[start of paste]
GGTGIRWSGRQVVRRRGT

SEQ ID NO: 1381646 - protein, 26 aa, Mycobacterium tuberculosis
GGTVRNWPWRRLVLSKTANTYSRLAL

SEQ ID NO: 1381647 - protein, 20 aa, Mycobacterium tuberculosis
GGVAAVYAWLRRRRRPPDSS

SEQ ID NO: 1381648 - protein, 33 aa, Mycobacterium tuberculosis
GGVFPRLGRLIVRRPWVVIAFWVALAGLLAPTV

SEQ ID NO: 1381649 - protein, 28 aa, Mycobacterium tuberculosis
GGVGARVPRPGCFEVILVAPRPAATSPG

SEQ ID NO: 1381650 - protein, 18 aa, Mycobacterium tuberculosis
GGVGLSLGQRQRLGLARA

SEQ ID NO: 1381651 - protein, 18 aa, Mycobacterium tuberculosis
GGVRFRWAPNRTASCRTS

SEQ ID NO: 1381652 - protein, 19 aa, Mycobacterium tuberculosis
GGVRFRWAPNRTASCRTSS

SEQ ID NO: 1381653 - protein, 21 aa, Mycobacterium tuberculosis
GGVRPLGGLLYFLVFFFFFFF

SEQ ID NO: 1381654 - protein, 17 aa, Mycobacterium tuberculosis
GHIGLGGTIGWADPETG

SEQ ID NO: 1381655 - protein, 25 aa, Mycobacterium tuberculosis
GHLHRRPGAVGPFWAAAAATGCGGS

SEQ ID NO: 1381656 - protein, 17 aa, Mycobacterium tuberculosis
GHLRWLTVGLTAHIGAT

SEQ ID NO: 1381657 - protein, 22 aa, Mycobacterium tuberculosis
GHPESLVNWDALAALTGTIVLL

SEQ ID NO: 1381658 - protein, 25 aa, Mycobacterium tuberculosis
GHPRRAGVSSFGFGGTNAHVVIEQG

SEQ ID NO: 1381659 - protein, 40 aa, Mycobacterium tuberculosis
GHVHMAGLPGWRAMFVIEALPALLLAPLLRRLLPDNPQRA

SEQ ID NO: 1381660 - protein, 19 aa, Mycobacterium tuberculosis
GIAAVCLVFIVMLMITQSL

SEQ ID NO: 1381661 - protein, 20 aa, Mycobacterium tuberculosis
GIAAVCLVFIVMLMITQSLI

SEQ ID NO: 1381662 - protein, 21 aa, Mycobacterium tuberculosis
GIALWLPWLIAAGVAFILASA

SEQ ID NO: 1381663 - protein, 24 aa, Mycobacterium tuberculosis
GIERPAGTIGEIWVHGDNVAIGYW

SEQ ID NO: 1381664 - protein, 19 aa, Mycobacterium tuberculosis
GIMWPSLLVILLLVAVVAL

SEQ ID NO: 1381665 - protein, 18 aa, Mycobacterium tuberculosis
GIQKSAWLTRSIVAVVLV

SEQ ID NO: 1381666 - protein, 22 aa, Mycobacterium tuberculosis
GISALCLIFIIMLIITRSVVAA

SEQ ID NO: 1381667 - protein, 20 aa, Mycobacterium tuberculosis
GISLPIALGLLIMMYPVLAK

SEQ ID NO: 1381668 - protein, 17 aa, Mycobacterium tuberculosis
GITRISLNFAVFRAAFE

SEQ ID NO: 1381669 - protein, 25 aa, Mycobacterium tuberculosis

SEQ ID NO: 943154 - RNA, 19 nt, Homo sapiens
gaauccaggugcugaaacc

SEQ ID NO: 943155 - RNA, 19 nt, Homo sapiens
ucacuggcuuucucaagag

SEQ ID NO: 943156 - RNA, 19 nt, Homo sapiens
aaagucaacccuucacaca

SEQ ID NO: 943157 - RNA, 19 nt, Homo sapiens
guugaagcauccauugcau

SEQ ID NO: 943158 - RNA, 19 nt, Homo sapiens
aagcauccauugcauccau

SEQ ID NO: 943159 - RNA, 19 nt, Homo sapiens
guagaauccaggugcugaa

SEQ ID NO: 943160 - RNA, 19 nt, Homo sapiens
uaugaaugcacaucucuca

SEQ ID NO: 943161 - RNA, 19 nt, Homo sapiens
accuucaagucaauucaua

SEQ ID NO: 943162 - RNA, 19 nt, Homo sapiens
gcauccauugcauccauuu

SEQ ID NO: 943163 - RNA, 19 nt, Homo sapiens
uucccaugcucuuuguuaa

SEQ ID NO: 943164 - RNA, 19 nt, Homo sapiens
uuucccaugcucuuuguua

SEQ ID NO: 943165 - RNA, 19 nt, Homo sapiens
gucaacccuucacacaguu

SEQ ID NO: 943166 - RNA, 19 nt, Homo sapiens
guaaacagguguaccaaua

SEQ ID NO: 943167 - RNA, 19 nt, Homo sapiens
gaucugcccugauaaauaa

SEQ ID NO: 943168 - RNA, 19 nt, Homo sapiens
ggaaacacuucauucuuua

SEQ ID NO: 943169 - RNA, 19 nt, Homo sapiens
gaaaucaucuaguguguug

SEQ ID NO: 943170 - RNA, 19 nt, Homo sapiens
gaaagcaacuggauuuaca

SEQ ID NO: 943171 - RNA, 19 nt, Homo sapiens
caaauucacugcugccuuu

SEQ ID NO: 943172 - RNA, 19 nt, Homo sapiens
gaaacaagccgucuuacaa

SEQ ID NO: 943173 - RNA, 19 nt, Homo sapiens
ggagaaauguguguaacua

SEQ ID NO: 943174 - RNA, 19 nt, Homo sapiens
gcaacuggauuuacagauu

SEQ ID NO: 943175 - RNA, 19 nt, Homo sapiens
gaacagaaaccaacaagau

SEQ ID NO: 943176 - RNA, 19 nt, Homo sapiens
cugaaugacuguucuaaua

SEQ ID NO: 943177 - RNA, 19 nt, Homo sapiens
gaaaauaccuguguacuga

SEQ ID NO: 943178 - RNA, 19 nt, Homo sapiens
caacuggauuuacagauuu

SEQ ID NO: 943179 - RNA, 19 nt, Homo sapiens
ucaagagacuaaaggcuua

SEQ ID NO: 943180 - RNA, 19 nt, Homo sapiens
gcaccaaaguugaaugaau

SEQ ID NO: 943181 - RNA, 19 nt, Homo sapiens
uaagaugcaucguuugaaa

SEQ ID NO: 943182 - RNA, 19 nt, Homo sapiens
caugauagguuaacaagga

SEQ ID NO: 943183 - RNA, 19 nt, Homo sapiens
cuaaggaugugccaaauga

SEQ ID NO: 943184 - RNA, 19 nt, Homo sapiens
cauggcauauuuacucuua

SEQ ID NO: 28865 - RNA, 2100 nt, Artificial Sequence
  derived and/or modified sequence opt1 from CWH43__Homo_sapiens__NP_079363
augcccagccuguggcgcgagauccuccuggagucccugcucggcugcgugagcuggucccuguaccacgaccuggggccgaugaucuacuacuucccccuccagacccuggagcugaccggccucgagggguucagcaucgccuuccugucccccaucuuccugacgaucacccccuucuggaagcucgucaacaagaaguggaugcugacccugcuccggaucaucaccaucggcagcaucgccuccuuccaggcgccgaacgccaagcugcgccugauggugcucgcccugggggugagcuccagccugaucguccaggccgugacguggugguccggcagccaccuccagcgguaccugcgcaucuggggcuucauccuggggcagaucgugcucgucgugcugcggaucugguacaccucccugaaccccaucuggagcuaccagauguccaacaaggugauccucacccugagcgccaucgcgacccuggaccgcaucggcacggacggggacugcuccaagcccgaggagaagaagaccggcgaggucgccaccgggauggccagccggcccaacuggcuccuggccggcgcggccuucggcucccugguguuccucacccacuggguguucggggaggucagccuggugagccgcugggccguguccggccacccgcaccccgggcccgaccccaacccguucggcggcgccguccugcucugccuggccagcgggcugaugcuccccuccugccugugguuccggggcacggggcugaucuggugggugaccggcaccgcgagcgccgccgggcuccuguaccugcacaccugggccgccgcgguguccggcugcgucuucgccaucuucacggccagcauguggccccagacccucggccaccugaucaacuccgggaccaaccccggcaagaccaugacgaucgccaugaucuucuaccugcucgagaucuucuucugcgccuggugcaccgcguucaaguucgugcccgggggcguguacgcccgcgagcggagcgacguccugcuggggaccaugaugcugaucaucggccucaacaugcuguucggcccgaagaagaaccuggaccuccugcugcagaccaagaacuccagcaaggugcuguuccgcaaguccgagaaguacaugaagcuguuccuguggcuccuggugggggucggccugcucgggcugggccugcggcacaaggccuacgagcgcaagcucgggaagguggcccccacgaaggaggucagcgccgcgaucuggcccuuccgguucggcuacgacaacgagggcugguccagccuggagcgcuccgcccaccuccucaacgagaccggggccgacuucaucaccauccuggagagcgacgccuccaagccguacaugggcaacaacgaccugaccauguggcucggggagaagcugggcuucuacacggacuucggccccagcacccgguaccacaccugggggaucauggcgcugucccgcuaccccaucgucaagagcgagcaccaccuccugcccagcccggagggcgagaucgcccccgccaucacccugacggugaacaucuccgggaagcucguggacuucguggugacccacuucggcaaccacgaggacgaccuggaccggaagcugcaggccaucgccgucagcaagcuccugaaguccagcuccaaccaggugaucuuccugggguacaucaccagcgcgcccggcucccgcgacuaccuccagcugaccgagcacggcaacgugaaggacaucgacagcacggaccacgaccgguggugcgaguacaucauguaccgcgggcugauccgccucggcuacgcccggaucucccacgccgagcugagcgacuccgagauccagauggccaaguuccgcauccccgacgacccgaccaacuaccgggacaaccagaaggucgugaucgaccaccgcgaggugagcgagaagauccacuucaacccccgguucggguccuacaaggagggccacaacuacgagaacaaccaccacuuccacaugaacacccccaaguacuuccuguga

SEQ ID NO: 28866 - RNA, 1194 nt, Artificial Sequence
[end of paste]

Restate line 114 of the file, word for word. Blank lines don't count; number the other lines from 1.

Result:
SEQ ID NO: 28866 - RNA, 1194 nt, Artificial Sequence